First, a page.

Now to Budapest
Televised sport in this uncomfortably hot northern hemisphere summer is about to reach crescendo with the 19th World Athletics Championships, which opens this morning in Budapest, Hungary.
Jamaicans, glued to their television sets with cooling fans and air-conditioning units at full blast, have already had much to celebrate over these last several weeks.
The highlight was surely the Reggae Girlz’s exceptional run at the FIFA Women’s Football World Cup in Australia and New Zealand. They broke new ground, regardless of gender, by reaching the round of 16 at a World Cup finals’ tournament — considered in some quarters to have been the top achievement ever in Jamaican sport, outside of track and field.
Also, Jamaica’s national netball team, the Sunshine Girls, claimed the bronze medal at the Netball World Cup in South Africa, twice defeating traditional powerhouse New Zealand.
Mixed in with all of the above has been a wide range of competitive televised sport, including cricket, tennis, and of course professional club football in Britain and wider Europe — now in full swing.
For the World Athletics Championships much attention is centred on whether Jamaica’s 65-member team can better the 10 medals — two gold, seven silver, and one bronze — at the 2022 Championships in Eugene, Oregon, USA.
A confident technical leader, Mr Maurice Wilson tells us that his athletes are “looking very good” following a recent training camp which provided “interesting performances”. He tells us that: “I’m just coming from the track and those athletes who I saw… are looking extremely sharp. And so [Saturday] we expect that the competitors should proceed to the next round and we’ll move it from there.”
“In terms of spread across all disciplines, and the age of the youngsters in relation to transitioning, I think this may be one of our better teams,” says Mr Wilson.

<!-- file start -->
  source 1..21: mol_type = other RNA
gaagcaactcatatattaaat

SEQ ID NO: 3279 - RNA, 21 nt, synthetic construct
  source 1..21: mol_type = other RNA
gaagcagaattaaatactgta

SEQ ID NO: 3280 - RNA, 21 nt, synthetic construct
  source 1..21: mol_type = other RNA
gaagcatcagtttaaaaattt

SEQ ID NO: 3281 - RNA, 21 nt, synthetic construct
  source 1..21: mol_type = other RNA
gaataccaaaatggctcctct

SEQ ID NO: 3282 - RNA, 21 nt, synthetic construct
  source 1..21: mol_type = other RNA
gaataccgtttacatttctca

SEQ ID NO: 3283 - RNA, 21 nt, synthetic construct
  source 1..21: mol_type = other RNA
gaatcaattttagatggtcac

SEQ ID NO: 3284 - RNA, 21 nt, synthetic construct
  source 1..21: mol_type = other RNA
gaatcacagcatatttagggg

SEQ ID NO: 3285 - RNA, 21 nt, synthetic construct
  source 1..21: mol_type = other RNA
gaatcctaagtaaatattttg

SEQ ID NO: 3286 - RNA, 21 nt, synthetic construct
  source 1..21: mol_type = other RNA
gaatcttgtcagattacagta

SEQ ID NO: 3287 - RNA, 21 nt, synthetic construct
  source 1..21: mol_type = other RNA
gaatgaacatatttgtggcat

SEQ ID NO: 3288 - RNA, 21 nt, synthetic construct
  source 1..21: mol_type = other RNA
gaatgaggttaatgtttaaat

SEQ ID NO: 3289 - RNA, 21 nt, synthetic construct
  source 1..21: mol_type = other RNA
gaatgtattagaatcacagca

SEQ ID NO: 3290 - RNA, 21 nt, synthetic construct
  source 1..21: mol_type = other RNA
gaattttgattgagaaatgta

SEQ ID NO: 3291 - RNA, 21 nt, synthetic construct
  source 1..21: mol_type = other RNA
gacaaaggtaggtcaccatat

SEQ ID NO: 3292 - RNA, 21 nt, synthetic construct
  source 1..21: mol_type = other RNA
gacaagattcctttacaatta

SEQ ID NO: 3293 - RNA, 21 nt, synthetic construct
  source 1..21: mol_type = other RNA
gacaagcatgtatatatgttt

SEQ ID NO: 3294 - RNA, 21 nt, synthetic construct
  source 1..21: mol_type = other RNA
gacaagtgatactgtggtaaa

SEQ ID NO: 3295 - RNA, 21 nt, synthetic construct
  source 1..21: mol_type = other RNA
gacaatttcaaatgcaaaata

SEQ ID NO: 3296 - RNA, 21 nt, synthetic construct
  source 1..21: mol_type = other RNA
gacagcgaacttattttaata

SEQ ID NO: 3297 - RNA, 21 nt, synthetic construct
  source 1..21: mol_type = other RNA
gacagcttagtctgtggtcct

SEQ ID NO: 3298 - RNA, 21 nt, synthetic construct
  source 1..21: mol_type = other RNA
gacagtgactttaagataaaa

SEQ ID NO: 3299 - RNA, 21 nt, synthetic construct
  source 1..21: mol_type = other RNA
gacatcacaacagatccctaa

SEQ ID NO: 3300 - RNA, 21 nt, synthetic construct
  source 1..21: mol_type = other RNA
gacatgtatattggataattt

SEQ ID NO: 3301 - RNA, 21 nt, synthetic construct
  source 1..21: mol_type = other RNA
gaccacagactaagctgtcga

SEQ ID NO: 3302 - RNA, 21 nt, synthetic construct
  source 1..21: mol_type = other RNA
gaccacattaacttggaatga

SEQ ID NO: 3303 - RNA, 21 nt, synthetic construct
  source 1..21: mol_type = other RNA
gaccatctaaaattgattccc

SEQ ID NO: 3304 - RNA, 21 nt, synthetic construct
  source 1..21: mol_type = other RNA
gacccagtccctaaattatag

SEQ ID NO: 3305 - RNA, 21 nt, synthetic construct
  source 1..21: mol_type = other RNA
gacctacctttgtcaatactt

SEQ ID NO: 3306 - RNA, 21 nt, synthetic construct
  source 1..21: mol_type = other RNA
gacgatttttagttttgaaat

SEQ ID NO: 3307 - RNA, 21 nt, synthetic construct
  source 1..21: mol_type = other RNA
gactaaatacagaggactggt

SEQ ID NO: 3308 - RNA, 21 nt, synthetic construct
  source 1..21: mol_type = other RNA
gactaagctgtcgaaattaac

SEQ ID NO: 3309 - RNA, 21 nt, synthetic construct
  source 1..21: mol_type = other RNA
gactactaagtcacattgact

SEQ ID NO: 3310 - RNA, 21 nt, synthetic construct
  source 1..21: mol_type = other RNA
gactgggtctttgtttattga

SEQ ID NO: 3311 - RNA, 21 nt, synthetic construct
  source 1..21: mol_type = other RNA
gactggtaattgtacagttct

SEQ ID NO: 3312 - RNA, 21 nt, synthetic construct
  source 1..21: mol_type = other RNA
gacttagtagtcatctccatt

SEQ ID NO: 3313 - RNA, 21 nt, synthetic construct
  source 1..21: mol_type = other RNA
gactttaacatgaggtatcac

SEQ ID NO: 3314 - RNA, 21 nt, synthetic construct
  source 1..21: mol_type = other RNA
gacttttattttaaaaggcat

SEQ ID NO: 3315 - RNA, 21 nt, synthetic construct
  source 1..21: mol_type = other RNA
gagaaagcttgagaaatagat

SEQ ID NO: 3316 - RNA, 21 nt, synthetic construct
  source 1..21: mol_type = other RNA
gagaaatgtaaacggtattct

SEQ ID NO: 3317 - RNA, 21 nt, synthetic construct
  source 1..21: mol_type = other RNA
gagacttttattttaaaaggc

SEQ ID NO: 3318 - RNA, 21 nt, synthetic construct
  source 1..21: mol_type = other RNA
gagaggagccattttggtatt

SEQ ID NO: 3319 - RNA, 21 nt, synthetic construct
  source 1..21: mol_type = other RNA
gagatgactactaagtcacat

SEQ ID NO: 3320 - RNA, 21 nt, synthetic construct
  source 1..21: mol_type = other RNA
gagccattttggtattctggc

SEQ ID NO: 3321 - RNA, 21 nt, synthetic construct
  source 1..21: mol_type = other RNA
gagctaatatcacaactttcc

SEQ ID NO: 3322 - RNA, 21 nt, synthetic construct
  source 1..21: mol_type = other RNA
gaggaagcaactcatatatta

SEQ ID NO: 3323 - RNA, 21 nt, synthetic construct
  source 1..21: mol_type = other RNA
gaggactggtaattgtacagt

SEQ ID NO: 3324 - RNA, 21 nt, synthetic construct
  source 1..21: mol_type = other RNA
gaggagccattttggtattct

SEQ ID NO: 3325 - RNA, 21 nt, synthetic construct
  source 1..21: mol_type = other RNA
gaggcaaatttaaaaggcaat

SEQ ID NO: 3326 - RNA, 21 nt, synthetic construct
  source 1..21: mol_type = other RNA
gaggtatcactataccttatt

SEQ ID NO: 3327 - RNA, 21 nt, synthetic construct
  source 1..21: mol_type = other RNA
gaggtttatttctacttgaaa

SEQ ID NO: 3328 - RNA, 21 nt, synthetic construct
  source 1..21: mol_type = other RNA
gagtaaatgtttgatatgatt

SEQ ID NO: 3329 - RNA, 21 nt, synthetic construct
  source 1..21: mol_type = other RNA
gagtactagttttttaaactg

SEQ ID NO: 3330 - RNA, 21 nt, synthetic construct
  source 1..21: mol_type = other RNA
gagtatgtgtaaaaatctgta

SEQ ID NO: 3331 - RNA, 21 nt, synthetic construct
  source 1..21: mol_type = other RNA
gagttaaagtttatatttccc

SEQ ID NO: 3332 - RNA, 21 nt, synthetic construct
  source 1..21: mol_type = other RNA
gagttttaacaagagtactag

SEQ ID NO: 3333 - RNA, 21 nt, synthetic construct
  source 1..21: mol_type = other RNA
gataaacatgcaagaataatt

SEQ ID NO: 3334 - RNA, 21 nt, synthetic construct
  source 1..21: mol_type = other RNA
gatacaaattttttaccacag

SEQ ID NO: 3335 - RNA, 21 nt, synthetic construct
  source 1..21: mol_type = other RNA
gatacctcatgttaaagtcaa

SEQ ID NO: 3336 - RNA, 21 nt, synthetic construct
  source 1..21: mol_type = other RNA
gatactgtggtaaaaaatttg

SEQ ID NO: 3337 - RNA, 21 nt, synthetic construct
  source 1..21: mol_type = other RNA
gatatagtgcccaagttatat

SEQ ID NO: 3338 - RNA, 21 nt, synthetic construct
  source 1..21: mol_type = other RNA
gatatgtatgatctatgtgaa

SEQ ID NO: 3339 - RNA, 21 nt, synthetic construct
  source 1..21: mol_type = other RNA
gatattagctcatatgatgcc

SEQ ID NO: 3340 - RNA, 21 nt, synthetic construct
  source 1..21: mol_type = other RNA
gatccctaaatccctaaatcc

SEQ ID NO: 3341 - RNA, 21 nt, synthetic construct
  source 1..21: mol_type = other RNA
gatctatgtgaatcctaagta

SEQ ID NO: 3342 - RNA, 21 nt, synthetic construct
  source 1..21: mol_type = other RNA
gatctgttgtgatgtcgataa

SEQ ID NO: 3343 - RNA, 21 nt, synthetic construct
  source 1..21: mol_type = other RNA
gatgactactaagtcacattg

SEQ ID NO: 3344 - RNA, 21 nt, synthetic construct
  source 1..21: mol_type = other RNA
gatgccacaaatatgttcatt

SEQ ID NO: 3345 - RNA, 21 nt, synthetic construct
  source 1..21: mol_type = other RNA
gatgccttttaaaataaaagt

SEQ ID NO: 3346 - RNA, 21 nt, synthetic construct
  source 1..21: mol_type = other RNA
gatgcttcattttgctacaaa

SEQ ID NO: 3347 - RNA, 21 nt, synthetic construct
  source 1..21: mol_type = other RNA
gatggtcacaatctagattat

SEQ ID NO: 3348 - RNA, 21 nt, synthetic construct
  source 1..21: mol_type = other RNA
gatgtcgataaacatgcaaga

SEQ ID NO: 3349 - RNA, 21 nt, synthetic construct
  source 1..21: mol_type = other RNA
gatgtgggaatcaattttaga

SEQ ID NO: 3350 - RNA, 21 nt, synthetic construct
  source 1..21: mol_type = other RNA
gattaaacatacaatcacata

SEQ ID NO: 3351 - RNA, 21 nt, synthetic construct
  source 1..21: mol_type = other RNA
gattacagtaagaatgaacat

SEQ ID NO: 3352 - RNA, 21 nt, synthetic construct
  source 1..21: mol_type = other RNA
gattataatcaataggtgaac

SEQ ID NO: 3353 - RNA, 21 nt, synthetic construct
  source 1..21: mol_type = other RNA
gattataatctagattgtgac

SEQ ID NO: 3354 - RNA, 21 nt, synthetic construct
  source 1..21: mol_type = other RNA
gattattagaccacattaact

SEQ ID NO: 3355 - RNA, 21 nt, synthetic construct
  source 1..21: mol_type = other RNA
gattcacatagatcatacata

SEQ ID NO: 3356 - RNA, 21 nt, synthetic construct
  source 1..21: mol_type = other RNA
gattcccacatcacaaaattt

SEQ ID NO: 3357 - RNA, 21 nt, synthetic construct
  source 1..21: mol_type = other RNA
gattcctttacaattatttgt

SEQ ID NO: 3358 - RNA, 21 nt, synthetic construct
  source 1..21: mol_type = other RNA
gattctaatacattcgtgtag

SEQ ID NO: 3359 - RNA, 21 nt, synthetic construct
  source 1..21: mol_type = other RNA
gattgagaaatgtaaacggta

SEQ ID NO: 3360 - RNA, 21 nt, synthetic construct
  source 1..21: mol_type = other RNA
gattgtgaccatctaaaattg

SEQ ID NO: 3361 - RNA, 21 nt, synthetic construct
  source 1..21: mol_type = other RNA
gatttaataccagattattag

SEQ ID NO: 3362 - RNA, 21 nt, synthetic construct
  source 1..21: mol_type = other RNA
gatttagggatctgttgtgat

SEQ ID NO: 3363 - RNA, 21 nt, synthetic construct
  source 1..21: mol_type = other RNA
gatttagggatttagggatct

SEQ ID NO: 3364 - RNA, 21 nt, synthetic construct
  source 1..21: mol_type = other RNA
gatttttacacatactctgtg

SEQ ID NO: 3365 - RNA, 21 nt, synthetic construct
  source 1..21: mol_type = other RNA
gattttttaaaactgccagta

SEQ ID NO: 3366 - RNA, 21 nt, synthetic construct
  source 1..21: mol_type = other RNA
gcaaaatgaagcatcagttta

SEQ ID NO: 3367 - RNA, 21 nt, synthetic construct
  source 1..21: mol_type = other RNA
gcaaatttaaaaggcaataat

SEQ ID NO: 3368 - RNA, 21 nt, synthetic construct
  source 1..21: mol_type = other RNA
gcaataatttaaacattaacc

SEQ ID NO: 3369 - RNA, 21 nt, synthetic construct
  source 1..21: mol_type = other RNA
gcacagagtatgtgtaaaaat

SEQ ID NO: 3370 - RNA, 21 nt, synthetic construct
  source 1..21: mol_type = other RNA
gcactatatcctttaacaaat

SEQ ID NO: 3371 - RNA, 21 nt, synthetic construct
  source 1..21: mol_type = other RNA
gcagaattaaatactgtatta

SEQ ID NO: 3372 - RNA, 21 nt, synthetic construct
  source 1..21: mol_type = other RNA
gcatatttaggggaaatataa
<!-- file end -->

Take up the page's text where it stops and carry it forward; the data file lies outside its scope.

Yet, he also cautions that medals can’t be counted until they are won.
Our reporter in Budapest, Mr Paul Reid, reminds us that, after a glorious display in Beijing, China, in 2015 — winning 12 medals — the Jamaican team faltered badly in London in 2017 — taking home just four medals (one gold and three bronze).
Inevitably, the established stars and medal favourites are in the spotlight. How fast can the rapidly improving Ms Shericka Jackson really go? And what of the incomparable Ms Shelly-Ann Fraser-Pryce, now surely very close to the end of her glorious career.
And, as Jamaica continues a determined push to diversify its athletics programmes, how well will our representatives do in non-traditional events, such as the throws and jumps?
From an organisational perspective, we welcome news of rule changes that will, we believe, make track and field more attractive to spectators and those watching on television and related modalities.
We particularly like the new system which will allow empty lanes to be filled in semi-finals and finals.
We are told that: “In Budapest, any lanes or starting position left empty due to the withdrawal of an athlete will, where possible, be filled by the next-best ranked athlete. This policy will apply to finals and semi-finals in all disciplines, including field events and relays…”
That’s very sensible and long overdue, in our view.